NASCAR Aims to Reconfigure Auto Club Speedway into Half-Mile Short Track
In a development first reported by The Athletic, NASCAR has submitted a proposal that would reconfigure 2-mile Auto Club Speedway into a half-mile short track.
NASCAR confirmed the story.
“We are still very early in the process, but we are excited about what this ambitious project could mean for our loyal fans in Southern California,” said Craig Neeb, NASCAR executive vice president and chief innovation officer. “This is our first step towards creating a state-of-the-art facility that would deliver the intense short-track racing our fans love, an intimate viewing experience, and upgraded suites and hospitality areas that would position Auto Club Speedway among the top entertainment venues in the market.”
According to The Athletic, NASCAR submitted a redevelopment plan to San Bernardino County on Tuesday. The short track would feature long straights similar to Martinsville Speedway but high banked corners like Bristol Motor Speedway.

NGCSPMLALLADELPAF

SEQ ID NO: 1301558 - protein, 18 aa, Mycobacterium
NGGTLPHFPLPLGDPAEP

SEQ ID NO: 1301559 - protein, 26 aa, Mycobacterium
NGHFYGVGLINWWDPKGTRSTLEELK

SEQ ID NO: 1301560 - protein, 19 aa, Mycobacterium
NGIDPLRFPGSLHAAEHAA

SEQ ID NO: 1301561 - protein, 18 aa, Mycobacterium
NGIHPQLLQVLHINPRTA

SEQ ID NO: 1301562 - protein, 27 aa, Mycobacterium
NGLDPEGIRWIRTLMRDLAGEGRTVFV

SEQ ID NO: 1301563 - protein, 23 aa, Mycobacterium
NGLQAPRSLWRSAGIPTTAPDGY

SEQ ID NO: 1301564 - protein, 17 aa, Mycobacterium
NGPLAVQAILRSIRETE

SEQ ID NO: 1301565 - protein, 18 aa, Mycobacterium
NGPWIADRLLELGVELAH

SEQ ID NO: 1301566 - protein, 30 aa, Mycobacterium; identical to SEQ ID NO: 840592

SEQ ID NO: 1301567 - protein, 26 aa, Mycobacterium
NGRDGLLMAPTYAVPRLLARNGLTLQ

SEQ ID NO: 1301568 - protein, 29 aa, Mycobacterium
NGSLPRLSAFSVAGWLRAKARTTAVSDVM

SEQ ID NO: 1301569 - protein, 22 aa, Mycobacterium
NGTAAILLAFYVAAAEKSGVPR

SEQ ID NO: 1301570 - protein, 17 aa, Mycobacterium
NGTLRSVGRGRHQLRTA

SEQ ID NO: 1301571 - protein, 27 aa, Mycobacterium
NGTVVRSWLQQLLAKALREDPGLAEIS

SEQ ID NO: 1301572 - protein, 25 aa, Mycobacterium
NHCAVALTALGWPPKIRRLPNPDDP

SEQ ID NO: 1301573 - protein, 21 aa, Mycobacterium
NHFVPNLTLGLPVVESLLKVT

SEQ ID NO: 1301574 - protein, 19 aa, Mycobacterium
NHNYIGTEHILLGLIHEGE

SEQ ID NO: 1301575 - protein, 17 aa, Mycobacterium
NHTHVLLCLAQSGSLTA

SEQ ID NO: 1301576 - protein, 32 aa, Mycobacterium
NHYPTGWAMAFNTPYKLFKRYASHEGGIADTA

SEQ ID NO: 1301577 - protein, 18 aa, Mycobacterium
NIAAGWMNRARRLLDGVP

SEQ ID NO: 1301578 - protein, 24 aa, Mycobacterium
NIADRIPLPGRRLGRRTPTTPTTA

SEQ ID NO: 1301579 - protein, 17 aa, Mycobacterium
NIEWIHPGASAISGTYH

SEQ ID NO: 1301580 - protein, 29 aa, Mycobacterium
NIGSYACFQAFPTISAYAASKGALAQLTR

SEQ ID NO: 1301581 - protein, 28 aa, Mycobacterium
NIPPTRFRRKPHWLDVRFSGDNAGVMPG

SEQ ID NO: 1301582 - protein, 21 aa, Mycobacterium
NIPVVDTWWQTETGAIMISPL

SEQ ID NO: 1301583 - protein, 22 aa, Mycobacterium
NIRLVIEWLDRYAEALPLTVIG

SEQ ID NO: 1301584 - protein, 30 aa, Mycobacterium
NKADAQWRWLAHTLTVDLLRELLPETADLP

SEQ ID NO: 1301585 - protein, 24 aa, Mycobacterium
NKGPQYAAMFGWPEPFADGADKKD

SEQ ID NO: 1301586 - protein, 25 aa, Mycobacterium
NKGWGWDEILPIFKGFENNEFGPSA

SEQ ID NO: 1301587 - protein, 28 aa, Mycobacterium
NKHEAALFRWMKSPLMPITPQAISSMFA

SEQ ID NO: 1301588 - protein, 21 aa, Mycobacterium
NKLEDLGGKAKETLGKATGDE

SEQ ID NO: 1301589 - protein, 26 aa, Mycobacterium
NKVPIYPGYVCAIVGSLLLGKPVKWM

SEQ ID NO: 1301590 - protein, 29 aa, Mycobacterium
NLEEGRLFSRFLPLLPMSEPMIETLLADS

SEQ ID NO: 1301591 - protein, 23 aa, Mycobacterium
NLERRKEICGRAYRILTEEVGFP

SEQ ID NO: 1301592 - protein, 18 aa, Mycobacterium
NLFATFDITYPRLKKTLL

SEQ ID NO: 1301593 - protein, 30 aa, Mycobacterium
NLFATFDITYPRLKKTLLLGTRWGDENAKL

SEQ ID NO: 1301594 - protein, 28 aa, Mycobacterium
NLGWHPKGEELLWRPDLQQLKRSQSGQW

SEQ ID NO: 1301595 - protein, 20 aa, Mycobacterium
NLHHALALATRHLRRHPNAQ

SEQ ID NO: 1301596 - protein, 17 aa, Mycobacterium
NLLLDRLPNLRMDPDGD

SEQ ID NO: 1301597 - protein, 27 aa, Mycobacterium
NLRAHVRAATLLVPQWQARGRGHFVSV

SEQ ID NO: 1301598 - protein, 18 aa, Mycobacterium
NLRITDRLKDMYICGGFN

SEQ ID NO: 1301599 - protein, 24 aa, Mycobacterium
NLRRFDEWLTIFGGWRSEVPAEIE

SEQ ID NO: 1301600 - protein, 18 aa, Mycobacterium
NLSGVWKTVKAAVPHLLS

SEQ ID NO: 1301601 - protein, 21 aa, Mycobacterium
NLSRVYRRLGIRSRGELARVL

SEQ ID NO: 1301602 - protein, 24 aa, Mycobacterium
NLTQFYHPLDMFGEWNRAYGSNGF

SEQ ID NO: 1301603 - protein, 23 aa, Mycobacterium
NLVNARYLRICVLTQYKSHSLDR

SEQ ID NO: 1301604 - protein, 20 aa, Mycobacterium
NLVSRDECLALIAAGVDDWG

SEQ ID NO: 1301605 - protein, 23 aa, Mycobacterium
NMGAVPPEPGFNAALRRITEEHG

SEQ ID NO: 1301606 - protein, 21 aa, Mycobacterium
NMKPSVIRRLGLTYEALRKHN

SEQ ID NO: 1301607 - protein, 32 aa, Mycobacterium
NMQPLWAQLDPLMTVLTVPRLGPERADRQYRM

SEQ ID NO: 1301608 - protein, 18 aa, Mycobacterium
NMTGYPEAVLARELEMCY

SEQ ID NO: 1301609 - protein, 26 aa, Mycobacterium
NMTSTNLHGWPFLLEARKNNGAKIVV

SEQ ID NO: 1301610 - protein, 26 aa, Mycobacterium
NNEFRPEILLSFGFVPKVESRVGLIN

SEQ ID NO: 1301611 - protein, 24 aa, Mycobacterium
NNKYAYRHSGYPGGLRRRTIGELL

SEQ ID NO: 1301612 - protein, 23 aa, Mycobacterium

The initial rendering shows the short track using part of the existing frontstretch, which is banked at 11 degrees, diving into the corner. What is now pit road would be reconfigured into the new backstretch.
Victory Lane and the garage area would be outside the racetrack itself.
The only true short tracks to host Cup Series events currently are Martinsville, Bristol and Richmond Raceway.
The redevelopment request would greatly reduce the footprint’s facility on the NASCAR owned property. While no such plans are known, this could allow the remaining land to be sold or leased.
Auto Club Speedway is located in Fontana, California and has had at least one race on the Cup Series schedule since 1997 when Jeff Gordon captured the inaugural checkered flag. Jimmie Johnson has a track record six wins. Alex Bowman won the most recent event there in March.
NASCAR has not provided a development timeline and the process is dependent on local government approval.
NASCAR merged with International Speedway Corporation during the winter. Over the past five years, NASCAR owned tracks have undergone modernization projects starting with Daytona, Richmond, Phoenix and Talladega.
Phoenix will host the NASCAR Cup Series championship weekend for the first time in November.
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